Little Ones Learning - Apple Unit

Tuesday, September 24, 2013

This week the little ones and I are going to be exploring apples!  This is a great time of year for it, as it's the season for apple picking and apple-scented everything.

Get Apples!

With this unit, it is important to have real apples on hand.  This is a great time of year to get a variety of apples at the grocery store, farm stand, or orchards.  It is important for children to have a hands-on experience to really learn about them.  If possible, you want to try to have a variety of the different kinds, as well.  But when you pick up your apples, keep it secret because you can start off with a guess box!

Starting Off With a Guess Box

A great way to start off a unit of study is with a guess box.  I learned about this strategy as a teacher, and it is one of my favorites!  A guess box works best for kids 3 and up.  As you'll see in the explanation, younger kids will need more guidance and clues in order to be successful.  The purpose of a guess box is to promote deductive reasoning in kids.  Don't tell the kid(s) what is in the guess box!  They are going to be asking questions and using clues to figure it out.


  1. Put the apple (or whatever object you might use) in the guess box or bag.  It is important that you cannot see the object.  
That's it!  Now you're ready!

Here is a link to a short video explaining the Guess Box strategy:  Explanation of Guess Box Strategy It is definitely worth the 2 minutes and 25 seconds!

Guess Box Steps for an apple:

1.  Show the child the guess box and explain that there is something inside, and it is his/her job to figure out what it is!

2.  Tell him/her that the rules are:

  1. You can only ask yes or no questions.
  2. If you think you know what it is tap on your brain to let me know.  Don't guess out loud.  (This is mainly important if there is more than one child.  Not a big deal if only 1)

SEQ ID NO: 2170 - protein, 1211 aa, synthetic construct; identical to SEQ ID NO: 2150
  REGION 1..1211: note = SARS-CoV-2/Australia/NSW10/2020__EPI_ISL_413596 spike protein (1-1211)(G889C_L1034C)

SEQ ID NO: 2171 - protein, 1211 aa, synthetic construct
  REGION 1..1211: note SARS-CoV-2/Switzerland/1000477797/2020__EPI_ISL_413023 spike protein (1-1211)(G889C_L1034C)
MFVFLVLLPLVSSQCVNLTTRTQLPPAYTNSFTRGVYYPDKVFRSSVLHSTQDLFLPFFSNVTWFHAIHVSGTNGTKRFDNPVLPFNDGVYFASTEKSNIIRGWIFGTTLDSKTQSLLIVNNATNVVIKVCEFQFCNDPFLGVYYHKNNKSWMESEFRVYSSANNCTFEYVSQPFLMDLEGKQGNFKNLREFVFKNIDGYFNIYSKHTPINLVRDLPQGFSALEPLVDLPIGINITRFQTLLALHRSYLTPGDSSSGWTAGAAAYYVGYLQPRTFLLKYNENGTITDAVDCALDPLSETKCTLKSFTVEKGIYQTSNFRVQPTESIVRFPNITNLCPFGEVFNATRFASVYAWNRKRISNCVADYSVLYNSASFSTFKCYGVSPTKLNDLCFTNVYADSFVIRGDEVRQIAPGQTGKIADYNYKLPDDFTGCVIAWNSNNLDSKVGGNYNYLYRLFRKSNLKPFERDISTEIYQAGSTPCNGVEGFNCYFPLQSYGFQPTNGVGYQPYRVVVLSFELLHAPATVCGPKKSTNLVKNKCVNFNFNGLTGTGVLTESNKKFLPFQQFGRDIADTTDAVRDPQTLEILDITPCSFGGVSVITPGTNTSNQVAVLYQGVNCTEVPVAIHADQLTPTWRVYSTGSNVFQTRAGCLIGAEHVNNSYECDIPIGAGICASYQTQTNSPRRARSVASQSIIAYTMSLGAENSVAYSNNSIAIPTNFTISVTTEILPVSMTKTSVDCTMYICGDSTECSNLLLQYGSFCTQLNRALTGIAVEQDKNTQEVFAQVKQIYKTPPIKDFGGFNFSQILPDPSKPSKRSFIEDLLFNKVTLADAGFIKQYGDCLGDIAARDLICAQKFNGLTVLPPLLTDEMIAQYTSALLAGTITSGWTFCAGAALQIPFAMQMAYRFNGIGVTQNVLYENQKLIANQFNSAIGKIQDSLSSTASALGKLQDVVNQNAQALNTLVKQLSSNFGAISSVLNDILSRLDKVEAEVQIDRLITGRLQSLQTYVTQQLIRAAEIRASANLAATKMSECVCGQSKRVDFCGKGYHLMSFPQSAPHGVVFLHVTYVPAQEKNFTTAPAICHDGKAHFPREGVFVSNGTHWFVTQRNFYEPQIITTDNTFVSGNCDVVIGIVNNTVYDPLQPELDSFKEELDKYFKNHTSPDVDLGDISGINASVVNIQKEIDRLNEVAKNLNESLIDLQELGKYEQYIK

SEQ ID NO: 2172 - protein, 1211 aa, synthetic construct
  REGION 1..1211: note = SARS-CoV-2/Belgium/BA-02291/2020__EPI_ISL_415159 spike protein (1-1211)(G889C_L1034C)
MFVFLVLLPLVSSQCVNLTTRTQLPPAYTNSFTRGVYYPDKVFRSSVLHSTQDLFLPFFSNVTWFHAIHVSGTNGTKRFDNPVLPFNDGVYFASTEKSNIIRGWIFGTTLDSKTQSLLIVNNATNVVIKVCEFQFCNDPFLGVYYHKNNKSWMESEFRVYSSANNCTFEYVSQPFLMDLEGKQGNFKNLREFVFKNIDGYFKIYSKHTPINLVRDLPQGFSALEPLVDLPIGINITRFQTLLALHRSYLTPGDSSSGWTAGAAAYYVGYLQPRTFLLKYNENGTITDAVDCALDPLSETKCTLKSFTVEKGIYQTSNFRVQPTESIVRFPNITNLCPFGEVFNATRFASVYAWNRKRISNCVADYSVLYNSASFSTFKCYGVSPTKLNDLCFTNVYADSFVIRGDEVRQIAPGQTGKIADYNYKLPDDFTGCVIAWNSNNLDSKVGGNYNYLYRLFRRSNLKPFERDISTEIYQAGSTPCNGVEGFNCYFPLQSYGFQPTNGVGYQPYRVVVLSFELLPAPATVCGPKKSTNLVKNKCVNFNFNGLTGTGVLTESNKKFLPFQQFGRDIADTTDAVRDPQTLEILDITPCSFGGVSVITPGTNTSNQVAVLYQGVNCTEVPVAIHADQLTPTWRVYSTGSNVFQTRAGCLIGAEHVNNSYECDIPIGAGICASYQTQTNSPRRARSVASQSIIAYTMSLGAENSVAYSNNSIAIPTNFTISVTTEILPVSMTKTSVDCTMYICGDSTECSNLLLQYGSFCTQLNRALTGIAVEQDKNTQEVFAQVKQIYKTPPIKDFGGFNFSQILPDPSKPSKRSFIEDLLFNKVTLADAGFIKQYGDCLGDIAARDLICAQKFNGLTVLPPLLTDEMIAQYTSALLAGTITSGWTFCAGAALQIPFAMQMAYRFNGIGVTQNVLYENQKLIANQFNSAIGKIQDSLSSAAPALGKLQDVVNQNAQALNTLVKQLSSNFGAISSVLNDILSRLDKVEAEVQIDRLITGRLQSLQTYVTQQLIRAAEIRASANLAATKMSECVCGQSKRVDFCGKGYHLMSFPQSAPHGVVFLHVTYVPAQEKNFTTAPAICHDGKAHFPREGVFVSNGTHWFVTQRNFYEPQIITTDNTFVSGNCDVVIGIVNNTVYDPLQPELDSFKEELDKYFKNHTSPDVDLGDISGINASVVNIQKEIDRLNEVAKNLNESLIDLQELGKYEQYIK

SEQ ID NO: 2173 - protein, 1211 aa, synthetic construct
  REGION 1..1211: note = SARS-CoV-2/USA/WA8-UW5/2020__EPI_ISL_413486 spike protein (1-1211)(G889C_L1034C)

3.  Give a clue, like:  "It is something you can eat."

4.  Guide your child in asking questions.  You can prompt them with a sentence starters, like: "Does it have...." or "Is it..." to help them get started.   

5.  For younger children, this is a challenge, so provide them with ideas of questions to ask.  Maybe about how it tastes, what it looks like, and where it comes from.  For example,  "Is it red?" "Is it a fruit?"  "Does it have leaves?"

6.  If you want, you can record the "yes" clues on a white board or paper.  Even if your child cannot read, this builds early literacy skills.

7.  If he/she gets stuck, review the "yes" responses you've written so far and give another clue.  For example, "it grows on trees" or "some of them are red"

7.  If your child is able to hold off on guessing (which is so hard and no typically the case!), and shows that he/she thinks they know what it is, see if they can ask any more questions about it.  This will give you a good idea of what he/she already knows about apples.  

8.  When you think they have shared all they know say, "On the count of 3 whisper to me what you think is in the guess box." Then count to 3 and see if he/she is right.  If not, guide him/her to figure out that it is an apple.  

8.  After figuring it out, ask the child to figure out the 3 best clues.  I like to say, "When Daddy comes home we are going to give him 3 clues about what was in the guess box and we want him to be able to figure it out.  What 3 should we tell him?"